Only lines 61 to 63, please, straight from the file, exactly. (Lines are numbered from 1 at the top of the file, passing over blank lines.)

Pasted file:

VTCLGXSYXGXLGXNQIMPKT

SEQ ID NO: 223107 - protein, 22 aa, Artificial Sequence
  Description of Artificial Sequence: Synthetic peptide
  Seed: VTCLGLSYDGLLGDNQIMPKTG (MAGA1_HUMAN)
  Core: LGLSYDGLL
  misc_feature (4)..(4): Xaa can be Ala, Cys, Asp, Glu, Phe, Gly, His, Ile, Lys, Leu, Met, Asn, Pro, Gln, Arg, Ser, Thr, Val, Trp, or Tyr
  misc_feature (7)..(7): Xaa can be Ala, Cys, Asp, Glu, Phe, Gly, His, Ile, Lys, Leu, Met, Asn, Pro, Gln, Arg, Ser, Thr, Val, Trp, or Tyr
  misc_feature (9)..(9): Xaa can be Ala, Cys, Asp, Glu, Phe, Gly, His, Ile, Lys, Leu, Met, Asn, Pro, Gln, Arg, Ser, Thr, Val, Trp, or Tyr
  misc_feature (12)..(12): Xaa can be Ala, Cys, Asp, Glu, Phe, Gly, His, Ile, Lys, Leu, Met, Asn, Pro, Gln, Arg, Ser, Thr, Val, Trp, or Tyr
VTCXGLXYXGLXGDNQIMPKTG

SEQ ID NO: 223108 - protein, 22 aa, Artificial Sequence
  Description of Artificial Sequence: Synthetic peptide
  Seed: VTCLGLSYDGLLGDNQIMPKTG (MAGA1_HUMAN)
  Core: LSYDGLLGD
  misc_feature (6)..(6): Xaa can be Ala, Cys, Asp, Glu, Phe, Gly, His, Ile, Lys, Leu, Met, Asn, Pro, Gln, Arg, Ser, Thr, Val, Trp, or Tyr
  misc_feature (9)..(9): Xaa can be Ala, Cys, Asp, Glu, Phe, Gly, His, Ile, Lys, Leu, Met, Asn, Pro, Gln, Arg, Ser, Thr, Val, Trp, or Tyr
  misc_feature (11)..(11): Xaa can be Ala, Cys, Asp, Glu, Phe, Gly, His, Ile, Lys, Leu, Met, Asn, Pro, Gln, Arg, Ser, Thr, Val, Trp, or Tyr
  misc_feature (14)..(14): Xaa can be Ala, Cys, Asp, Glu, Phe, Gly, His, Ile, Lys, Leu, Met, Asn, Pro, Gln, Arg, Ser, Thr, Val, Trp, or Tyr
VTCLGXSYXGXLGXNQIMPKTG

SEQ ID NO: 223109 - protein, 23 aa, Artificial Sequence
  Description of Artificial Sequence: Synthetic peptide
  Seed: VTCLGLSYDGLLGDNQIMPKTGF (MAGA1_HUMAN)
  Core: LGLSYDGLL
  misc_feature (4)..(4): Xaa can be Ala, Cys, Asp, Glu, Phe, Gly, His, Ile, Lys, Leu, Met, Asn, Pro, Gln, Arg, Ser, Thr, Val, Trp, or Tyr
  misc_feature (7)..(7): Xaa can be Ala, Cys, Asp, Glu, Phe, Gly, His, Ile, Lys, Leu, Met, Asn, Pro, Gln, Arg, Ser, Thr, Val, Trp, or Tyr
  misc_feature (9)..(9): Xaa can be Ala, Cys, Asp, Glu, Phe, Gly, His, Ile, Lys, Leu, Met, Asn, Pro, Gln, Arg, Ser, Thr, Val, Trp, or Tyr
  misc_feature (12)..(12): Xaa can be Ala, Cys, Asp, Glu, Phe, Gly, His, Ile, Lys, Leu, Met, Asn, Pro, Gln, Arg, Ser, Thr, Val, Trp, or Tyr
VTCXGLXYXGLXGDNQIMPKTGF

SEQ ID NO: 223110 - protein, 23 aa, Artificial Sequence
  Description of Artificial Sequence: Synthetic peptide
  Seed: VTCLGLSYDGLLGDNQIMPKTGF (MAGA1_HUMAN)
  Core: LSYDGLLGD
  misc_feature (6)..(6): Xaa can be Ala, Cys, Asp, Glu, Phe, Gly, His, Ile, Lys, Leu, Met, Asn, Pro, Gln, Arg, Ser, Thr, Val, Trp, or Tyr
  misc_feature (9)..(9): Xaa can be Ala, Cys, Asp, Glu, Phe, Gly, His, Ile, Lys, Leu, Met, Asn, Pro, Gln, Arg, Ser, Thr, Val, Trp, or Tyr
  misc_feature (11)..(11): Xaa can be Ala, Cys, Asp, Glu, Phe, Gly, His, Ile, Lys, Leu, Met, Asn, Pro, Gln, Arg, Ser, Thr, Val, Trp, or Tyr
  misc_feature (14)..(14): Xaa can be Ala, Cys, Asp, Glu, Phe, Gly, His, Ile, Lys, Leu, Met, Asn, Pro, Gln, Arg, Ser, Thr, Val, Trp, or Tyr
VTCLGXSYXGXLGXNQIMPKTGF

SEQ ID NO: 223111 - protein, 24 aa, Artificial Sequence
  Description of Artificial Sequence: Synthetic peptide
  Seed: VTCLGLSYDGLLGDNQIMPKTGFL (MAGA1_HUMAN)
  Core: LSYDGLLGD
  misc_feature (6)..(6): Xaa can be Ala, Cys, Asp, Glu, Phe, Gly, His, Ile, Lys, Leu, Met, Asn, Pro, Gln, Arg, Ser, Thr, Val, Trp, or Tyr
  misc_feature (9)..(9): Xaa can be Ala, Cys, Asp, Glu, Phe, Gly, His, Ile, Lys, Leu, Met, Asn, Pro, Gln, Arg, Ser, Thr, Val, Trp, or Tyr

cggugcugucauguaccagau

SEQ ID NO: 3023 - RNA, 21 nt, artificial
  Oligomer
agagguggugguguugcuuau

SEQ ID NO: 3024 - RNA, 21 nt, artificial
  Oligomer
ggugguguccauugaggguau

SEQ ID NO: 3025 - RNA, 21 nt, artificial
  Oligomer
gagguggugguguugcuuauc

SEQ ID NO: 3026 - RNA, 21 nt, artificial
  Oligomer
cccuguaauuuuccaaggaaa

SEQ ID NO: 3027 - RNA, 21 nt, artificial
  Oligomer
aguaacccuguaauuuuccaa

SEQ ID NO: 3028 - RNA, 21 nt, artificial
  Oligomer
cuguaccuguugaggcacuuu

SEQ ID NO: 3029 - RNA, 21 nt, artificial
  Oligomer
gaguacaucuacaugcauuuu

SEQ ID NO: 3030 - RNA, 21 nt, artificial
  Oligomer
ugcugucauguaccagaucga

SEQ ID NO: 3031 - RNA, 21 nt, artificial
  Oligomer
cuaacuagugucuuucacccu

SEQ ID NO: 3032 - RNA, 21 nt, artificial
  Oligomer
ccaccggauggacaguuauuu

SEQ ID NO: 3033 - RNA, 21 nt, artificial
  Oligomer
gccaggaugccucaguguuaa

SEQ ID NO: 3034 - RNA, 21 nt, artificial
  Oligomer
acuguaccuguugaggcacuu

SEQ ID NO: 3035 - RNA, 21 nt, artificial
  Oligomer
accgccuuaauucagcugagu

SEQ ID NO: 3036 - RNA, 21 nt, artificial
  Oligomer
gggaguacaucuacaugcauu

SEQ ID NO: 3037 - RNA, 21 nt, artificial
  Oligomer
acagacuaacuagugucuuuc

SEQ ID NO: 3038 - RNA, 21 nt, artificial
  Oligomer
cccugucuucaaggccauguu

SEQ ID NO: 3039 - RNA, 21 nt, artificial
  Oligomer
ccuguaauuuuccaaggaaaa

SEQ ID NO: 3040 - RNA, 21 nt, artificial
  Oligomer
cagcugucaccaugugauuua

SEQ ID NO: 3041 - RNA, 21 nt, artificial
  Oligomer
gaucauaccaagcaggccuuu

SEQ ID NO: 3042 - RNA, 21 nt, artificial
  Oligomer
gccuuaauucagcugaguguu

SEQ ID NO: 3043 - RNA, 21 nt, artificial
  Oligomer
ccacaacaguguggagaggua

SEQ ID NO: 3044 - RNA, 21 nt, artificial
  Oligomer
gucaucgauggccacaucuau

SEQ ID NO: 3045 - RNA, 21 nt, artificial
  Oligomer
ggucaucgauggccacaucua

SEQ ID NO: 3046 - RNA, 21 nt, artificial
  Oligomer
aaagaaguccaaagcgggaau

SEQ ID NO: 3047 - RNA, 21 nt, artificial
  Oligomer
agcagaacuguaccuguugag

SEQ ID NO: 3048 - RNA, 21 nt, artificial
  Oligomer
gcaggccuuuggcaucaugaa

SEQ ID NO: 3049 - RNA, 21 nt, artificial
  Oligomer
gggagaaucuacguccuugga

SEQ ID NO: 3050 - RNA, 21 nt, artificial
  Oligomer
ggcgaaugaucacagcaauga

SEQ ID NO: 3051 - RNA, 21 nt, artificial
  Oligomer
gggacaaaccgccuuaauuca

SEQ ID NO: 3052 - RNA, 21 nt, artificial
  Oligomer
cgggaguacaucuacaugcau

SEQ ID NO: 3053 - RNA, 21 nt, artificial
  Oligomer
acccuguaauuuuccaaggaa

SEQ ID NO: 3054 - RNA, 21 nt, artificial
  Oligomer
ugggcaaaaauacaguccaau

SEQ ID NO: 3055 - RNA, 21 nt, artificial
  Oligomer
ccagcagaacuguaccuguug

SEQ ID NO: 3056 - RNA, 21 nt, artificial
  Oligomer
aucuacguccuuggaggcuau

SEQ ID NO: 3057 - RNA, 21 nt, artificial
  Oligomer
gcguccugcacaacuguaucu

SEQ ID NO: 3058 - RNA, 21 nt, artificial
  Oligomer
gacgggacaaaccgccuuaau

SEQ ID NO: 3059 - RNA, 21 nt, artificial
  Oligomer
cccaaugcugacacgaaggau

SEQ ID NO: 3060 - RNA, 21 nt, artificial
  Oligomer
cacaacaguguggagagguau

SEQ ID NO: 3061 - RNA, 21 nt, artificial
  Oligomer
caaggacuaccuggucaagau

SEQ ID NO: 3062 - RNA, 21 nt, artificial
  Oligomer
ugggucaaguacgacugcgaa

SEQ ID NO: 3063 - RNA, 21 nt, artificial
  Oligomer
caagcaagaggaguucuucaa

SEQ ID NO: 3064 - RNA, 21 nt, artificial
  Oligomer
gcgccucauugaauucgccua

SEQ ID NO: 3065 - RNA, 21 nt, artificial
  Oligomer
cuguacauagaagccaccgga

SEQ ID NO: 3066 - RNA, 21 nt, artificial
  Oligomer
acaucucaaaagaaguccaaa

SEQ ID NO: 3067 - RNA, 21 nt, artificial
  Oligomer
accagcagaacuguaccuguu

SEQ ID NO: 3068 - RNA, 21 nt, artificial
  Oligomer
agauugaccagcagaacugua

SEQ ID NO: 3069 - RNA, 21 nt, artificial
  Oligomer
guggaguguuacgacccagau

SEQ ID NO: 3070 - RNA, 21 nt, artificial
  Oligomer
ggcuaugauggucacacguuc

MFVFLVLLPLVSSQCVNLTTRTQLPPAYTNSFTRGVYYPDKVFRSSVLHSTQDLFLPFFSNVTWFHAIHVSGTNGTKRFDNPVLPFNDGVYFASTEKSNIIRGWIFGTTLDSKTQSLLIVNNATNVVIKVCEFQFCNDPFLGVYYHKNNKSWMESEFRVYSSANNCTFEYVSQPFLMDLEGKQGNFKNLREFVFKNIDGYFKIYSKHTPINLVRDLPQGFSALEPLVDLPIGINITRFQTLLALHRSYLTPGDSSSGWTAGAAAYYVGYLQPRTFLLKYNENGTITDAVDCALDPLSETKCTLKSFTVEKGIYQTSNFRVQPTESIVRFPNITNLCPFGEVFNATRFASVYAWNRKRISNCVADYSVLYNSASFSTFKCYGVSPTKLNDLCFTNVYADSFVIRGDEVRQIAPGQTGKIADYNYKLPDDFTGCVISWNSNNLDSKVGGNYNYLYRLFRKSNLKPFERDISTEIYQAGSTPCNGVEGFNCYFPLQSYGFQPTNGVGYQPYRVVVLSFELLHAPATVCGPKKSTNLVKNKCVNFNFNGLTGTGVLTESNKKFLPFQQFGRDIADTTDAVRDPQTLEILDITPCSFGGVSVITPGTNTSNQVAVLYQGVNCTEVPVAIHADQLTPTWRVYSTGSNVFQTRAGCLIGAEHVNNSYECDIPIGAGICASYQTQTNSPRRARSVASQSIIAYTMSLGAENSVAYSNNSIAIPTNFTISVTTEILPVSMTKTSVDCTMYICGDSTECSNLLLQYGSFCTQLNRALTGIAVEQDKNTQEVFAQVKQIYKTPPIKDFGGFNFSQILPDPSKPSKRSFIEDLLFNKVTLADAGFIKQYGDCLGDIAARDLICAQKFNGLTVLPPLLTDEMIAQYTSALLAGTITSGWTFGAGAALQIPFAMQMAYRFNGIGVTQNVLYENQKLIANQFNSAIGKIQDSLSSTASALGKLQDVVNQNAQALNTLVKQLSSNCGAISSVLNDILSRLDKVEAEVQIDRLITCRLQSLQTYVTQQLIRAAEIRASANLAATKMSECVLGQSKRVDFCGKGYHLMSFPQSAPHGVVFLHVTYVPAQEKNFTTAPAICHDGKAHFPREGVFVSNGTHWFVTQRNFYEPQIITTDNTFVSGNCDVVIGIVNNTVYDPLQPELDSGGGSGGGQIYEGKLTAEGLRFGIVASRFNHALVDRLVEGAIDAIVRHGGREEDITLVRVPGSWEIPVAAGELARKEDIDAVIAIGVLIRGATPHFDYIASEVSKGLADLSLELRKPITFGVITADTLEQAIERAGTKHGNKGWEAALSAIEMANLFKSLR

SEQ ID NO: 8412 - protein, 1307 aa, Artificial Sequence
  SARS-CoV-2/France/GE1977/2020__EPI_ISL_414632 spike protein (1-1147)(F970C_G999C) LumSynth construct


  Oligomer
cuguaccuguugaggcacuuu

SEQ ID NO: 3029 - RNA, 21 nt, artificial